Charles Darwin was the first to observe that Ivy exudes a liquid adhesive that helps it to cling to surfaces. Now researchers at Ohio State University have identified the protein that allows Ivy to stick. Nanospherical arabinogalactan proteins (AGPs) allow Ivy’s adhesive to enter nanoscale openings rather than just coating surfaces. Curing takes place due to calcium-driven electrostatic interactions among carboxyl groups of the AGPs and pectic acids. As water evaporates from the adhesive, chemical bonds are formed between adhesive and substrate.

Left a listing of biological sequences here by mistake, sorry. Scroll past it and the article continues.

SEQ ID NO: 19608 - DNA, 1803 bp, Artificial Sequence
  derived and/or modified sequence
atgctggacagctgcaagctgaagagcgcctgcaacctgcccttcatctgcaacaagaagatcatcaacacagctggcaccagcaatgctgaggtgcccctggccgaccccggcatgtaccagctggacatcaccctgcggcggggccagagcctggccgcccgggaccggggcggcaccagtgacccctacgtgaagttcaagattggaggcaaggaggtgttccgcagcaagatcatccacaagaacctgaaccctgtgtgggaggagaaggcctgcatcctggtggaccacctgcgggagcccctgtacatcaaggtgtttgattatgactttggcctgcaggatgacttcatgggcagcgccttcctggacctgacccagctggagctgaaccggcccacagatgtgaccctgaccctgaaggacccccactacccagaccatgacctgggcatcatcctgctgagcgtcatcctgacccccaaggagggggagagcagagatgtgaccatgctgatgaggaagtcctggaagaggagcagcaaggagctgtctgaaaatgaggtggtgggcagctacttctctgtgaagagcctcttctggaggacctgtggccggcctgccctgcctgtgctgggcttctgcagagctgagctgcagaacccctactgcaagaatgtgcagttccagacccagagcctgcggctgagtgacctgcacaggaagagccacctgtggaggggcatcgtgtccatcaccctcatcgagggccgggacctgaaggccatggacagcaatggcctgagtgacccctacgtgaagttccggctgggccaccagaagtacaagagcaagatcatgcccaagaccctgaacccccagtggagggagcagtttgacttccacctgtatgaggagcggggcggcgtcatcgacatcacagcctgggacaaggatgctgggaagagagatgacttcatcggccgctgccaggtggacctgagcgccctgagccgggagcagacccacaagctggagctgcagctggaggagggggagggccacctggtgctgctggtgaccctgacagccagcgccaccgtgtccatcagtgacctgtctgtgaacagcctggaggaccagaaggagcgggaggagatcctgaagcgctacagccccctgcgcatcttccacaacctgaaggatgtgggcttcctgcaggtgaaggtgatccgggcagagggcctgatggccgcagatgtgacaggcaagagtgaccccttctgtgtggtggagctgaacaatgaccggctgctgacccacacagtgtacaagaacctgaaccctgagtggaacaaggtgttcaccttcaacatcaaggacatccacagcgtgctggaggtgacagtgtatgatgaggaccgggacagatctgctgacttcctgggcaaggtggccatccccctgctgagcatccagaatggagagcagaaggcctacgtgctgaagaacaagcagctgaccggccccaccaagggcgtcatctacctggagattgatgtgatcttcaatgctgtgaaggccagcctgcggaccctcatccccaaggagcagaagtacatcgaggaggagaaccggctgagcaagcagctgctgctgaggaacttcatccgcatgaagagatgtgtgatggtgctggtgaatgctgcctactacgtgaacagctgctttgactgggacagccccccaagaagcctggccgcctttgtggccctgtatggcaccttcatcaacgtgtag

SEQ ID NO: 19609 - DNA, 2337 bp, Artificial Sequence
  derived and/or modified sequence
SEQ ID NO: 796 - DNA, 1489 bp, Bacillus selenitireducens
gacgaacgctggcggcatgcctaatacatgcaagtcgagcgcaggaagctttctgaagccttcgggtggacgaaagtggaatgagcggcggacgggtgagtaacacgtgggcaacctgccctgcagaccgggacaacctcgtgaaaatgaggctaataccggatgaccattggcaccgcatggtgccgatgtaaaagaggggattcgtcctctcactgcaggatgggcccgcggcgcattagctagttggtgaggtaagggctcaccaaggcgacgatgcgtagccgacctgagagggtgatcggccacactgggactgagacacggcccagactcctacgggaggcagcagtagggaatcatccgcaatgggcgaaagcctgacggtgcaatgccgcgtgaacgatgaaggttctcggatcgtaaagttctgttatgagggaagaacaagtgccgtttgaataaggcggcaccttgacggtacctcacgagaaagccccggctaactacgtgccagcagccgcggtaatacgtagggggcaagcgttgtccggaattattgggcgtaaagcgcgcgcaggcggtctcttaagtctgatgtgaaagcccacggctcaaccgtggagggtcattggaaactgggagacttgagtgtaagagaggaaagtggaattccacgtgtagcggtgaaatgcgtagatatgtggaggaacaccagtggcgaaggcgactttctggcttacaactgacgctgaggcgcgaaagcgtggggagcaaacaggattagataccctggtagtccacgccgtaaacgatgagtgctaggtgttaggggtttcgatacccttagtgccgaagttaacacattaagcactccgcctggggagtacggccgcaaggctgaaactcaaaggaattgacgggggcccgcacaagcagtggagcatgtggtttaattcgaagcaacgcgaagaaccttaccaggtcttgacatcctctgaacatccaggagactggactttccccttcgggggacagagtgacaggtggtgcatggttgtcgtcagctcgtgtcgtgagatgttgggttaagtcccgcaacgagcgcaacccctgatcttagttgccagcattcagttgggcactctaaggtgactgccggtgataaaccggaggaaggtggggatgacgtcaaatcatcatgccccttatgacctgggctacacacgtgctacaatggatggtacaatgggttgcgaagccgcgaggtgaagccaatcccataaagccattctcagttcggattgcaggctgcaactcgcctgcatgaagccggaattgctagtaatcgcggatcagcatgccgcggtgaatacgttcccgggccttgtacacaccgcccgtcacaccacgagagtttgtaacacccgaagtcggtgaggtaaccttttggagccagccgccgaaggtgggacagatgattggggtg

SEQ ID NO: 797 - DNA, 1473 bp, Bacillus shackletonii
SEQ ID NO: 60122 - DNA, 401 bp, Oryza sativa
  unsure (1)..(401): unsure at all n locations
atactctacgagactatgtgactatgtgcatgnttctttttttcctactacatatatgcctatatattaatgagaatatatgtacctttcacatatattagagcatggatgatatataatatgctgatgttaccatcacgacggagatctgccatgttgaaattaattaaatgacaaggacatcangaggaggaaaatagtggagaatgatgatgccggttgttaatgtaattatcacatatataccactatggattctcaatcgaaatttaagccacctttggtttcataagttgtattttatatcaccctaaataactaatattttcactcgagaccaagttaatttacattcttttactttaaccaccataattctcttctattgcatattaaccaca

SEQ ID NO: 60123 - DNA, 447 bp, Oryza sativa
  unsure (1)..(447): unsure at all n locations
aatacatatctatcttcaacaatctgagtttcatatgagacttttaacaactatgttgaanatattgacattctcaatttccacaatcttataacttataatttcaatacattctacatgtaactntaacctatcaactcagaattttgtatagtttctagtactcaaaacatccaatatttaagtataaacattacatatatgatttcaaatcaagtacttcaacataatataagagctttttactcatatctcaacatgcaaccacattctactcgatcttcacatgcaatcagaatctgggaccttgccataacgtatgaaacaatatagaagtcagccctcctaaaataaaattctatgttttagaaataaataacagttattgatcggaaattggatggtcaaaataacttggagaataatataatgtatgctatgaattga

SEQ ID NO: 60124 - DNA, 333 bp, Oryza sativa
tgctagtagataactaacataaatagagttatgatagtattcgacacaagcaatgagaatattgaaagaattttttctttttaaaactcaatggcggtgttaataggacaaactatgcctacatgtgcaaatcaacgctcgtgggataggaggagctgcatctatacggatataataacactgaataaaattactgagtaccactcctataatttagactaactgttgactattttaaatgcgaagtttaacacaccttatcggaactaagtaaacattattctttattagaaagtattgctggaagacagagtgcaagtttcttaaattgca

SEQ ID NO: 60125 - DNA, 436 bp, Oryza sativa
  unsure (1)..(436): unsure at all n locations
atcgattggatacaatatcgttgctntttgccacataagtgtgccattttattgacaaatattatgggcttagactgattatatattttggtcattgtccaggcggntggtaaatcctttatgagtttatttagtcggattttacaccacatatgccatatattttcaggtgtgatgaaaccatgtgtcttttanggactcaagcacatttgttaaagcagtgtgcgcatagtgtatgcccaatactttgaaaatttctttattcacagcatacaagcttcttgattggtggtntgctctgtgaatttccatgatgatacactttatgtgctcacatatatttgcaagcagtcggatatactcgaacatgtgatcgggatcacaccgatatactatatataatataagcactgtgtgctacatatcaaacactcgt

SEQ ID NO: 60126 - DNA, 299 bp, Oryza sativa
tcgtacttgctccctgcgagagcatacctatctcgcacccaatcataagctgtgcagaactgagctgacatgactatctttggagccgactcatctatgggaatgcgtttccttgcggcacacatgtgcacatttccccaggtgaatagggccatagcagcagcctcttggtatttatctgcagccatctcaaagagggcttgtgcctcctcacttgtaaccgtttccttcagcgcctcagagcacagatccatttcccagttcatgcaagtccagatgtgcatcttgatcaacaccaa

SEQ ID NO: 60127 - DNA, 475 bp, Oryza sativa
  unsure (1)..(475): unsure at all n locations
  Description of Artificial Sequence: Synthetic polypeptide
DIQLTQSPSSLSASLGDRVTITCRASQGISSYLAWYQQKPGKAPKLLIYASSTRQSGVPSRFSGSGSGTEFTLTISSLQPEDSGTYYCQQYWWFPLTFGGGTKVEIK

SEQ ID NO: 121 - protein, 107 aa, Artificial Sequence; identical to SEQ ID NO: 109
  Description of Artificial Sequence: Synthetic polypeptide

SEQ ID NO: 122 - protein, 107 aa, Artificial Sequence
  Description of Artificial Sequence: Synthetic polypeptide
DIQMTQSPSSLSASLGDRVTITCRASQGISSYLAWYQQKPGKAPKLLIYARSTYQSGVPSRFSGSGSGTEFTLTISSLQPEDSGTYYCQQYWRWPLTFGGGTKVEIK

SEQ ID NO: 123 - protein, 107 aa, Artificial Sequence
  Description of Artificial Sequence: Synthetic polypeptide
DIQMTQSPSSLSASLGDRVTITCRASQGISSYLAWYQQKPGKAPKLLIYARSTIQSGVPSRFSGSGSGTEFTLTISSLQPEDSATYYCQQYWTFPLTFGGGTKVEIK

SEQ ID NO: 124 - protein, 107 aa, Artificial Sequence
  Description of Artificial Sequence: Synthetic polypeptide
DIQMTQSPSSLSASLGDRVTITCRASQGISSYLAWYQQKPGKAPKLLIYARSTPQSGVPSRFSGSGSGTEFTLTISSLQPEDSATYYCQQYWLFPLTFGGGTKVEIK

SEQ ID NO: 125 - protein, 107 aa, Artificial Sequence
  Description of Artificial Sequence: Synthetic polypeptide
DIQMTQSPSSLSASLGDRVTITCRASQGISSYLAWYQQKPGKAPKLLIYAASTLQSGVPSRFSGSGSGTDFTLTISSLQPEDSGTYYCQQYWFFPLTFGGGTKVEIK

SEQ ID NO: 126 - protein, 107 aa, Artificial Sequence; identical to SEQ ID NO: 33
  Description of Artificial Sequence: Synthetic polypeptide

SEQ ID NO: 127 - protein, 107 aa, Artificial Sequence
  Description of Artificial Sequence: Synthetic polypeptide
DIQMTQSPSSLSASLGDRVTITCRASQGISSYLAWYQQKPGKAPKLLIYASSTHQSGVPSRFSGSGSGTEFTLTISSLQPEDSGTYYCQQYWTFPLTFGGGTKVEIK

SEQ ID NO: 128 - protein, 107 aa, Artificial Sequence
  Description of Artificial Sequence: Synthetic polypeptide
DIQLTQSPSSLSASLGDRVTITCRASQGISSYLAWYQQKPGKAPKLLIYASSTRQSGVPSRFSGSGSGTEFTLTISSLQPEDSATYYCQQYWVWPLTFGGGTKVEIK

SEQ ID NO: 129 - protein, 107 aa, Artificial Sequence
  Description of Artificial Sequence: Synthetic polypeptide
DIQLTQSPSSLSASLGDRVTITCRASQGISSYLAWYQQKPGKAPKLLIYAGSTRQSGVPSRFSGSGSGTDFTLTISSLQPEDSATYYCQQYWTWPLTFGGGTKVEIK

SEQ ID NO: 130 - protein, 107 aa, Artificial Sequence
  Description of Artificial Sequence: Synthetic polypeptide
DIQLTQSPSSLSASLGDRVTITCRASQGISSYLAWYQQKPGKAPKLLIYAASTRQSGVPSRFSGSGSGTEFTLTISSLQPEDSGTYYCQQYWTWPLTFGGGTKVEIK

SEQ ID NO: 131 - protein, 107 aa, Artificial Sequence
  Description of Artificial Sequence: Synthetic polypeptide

The researchers say that their discovery opens up the possibility of applying its findings to the development of adhesives for a wide range of applications ranging from medical adhesives to coatings and even cosmetics. To test their hypothesis, the researchers created a basic adhesive using ivy nanoparticles combined with pectic polysaccharides and calcium ions. The prototype adhesive could form the basis for future high strength adhesives and coatings and may allow for the development of engineered scaffolds for use in tissue engineering and regenerative medicine.
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